One China Policy of the USA: There is no immense difference between One China Principle of China and One China Policy of USA although it is indispensable to explore and understand the two distinct foreign policy objectives. The United States does not challenge PRC's One China Principle, rather acknowledges that Chinese on either side of the strait maintain there is but one China and Taiwan is a part of China. But it also does not recognize PRC's sovereignty over Taiwan. In this manner, the leaders of the United States adopt somewhat dissimilar policy measures to their Chinese counterparts.

Many argue that the United States agreed with the PRC's demands for China's economic reform and opening-up at 70s. But how would the USA hedge Taiwan if an invasion from the Chinese takes place?

One such act was passed and enacted in the US Congress in 1979, defining the non-diplomatic relations between USA and Taiwan, the Taiwan Relations Act, which treats Taiwan as a sub-sovereign foreign state equivalent. No pledge was made up to protect Taiwan if the PRC makes an incursion nor does it repudiate it. Thus the policy has been coined by "strategic ambiguity", and concurrently it impedes Taiwan to declare independence and the PRC to wage a war against the island.

Most of the US presidents have maintained the status quo even up to Nancy Pelosi's visit but recent discrepancies of the both major powers shove off the Biden administration to reassess the One China Policy itself to protect Taiwan if an incursion takes place.

How Taiwan perceives One China Principle: Foreign policies of major powers are weighed with greater importance in international relations whether less account is given to the concerned parties as we see with the recognition of Taiwan. Only 13 countries and The Vatican of the UN maintains full diplomatic relations with Taiwan.

The current regime of Democratic Progressive Party (DPP), however, considers Taiwan as an independent nation under the name Republic of China and its territory belongs to Taiwan, nearby Penghu, Kinmen and Matsu islands. Although recognition is a big requirement for Taiwan as it cannot alleviate the crisis, due to bulky Chinese trade outside and diplomacy onwards.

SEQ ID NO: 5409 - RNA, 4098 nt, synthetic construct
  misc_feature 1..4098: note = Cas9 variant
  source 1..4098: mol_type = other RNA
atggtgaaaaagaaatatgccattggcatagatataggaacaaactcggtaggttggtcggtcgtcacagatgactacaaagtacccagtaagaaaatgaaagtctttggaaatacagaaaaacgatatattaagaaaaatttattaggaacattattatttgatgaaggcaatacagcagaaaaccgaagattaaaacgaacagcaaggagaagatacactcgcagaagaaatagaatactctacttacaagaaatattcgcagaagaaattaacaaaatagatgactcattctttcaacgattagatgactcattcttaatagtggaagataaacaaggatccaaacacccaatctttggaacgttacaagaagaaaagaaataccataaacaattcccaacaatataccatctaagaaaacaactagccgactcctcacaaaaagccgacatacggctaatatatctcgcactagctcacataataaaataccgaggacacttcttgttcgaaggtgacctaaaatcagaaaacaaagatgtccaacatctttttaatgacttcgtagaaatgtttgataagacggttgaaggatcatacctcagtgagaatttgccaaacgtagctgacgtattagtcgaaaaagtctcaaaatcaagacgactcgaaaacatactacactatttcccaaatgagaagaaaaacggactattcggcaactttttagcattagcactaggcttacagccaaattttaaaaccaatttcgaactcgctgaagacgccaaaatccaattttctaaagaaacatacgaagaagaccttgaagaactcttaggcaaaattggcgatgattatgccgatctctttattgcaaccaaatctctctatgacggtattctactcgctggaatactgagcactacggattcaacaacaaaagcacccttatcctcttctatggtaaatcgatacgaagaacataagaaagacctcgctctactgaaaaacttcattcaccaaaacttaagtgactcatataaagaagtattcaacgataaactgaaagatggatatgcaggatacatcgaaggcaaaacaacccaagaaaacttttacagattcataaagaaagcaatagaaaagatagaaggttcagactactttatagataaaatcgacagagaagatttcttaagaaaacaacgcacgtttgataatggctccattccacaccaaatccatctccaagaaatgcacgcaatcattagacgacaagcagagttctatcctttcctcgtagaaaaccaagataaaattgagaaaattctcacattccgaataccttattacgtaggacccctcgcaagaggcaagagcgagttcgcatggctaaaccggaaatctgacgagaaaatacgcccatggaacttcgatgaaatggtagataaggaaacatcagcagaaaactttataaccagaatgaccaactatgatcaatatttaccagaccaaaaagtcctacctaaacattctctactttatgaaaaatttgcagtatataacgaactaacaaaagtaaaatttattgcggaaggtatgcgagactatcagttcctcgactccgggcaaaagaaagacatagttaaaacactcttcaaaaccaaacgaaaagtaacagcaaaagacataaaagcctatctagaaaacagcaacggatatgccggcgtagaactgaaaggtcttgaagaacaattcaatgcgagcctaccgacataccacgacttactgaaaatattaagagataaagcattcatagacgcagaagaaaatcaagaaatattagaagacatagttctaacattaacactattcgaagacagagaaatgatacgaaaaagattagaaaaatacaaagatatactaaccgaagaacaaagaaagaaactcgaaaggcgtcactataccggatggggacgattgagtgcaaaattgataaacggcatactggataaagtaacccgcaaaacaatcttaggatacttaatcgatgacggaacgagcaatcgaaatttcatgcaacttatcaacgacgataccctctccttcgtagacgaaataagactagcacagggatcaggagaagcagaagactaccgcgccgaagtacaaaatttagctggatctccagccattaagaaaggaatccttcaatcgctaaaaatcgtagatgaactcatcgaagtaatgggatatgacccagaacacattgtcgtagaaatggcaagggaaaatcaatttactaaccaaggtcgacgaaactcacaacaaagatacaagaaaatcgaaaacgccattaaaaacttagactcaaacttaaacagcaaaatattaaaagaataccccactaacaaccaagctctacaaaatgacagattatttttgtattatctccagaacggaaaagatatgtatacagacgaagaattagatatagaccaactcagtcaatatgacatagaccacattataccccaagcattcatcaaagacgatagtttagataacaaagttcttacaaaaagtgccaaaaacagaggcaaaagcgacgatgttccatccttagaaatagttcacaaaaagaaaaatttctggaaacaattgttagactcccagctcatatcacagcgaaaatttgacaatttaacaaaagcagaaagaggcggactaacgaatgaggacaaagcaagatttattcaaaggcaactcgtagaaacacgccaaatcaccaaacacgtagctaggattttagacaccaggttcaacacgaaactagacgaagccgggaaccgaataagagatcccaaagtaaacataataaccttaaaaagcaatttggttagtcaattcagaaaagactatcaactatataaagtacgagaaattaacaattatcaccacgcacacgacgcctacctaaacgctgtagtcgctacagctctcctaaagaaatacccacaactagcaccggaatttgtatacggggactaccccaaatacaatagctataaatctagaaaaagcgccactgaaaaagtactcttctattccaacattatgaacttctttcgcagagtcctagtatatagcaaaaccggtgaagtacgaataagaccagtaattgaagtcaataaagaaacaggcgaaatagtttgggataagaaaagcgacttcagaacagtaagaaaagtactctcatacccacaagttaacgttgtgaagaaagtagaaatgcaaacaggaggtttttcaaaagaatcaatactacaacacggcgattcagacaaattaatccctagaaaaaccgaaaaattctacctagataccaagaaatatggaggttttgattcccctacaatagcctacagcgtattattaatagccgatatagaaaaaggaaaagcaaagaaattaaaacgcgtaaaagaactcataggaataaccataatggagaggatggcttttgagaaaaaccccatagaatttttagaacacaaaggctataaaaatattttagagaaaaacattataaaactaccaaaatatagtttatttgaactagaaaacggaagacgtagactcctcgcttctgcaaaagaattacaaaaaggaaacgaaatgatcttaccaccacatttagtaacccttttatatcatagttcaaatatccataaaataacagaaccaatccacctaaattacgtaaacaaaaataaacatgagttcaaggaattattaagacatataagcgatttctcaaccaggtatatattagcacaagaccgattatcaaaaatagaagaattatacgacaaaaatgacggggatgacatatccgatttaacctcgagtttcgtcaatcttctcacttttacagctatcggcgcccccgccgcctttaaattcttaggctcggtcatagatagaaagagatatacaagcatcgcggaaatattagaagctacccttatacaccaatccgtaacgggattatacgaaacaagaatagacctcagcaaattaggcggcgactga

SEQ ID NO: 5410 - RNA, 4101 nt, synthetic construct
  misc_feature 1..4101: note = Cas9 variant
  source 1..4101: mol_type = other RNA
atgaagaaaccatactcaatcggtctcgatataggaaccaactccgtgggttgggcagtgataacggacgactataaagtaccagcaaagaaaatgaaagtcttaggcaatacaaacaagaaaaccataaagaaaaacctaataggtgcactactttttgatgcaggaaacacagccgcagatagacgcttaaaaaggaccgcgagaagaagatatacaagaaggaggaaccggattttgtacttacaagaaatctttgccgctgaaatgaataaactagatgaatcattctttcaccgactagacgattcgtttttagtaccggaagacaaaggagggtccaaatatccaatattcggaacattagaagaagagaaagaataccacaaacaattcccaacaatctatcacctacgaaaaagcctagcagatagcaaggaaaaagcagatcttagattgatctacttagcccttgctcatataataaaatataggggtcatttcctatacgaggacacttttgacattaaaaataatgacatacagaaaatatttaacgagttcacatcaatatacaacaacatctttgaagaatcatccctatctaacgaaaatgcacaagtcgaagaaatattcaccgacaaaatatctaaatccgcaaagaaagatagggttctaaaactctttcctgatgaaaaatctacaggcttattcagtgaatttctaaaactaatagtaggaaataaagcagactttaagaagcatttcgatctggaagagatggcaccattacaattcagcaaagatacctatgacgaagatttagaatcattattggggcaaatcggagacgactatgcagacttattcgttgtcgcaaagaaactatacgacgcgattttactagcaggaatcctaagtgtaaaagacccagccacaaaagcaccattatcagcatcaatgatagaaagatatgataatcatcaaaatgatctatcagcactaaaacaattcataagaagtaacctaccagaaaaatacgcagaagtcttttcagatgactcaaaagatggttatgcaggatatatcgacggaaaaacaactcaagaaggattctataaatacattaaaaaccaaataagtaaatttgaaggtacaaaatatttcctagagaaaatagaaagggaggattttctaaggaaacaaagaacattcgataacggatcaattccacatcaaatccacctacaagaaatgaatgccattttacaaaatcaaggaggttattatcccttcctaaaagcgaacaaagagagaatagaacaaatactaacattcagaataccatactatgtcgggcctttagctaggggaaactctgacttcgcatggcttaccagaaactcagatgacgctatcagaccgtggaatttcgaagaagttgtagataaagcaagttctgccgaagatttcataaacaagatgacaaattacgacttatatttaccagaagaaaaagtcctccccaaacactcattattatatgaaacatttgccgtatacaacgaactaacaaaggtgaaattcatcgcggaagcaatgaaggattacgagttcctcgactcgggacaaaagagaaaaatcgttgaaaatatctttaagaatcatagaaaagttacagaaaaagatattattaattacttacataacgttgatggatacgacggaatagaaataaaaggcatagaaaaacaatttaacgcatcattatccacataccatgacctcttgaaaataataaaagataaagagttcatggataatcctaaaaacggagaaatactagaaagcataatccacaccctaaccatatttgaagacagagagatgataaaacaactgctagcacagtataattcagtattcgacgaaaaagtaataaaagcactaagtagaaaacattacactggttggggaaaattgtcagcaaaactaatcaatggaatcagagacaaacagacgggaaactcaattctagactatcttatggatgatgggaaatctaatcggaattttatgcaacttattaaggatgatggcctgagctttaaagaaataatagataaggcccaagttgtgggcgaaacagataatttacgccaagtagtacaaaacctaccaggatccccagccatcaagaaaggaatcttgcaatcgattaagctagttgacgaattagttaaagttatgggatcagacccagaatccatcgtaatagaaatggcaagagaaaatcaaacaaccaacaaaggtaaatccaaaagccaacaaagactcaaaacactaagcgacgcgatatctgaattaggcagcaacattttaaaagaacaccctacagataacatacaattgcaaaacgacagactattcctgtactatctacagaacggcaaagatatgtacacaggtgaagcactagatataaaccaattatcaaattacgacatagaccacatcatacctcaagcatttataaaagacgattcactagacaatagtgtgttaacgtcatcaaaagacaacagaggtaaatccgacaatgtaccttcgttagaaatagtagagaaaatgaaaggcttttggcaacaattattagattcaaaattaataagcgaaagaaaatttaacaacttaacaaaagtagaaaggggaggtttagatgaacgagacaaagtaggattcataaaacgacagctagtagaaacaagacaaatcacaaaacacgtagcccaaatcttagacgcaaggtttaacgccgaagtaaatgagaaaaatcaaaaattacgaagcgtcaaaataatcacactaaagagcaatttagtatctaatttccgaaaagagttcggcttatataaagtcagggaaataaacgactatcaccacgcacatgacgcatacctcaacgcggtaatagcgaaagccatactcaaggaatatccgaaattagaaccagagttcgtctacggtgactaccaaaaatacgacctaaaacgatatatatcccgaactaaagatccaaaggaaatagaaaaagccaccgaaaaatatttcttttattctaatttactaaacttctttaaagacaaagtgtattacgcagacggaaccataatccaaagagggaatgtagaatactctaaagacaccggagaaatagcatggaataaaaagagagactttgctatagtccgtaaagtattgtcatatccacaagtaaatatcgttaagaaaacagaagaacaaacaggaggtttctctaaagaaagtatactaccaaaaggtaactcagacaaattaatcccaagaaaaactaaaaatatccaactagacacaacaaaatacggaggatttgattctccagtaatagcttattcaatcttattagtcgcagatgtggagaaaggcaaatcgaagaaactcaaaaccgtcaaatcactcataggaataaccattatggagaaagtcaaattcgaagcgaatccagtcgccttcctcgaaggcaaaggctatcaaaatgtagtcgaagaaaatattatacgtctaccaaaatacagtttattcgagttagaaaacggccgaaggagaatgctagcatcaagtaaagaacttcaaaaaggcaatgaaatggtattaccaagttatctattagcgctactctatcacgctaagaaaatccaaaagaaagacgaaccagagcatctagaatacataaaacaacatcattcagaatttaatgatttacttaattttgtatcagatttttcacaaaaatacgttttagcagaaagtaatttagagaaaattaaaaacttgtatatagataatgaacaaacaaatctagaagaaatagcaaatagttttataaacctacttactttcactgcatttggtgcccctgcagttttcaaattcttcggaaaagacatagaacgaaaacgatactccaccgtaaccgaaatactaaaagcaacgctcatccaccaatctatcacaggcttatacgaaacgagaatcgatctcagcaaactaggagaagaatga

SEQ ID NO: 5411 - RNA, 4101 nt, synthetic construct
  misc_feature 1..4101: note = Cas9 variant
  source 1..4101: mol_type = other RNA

Yet, Taiwan independence movement caught a political boost after former Taiwanese president Lee Teng-Hui had declared that he would not challenge the communist authorities to rule mainland China. Thus, the controversy about to rule over mainland China was not the fundamental inquisition, question that arrived after then who owns the legitimacy of Taiwan.

The self-determined island proclaimed that China has been using Nancy Pelosi's visit as an excuse to start up drills calibrating its naval power and charge its whim over the people living under democracy. After China's largest-ever military exercises, Taiwan also held similar live-fire drills to prepare for any kind of upheaval.

"Only Taiwan's people can decide its future", announced Taiwan's foreign ministry in another statement for the vindication of any ambiguity regarding the legitimacy of their freedom.
The writer is from Department
of International Relations,
University of Dhaka.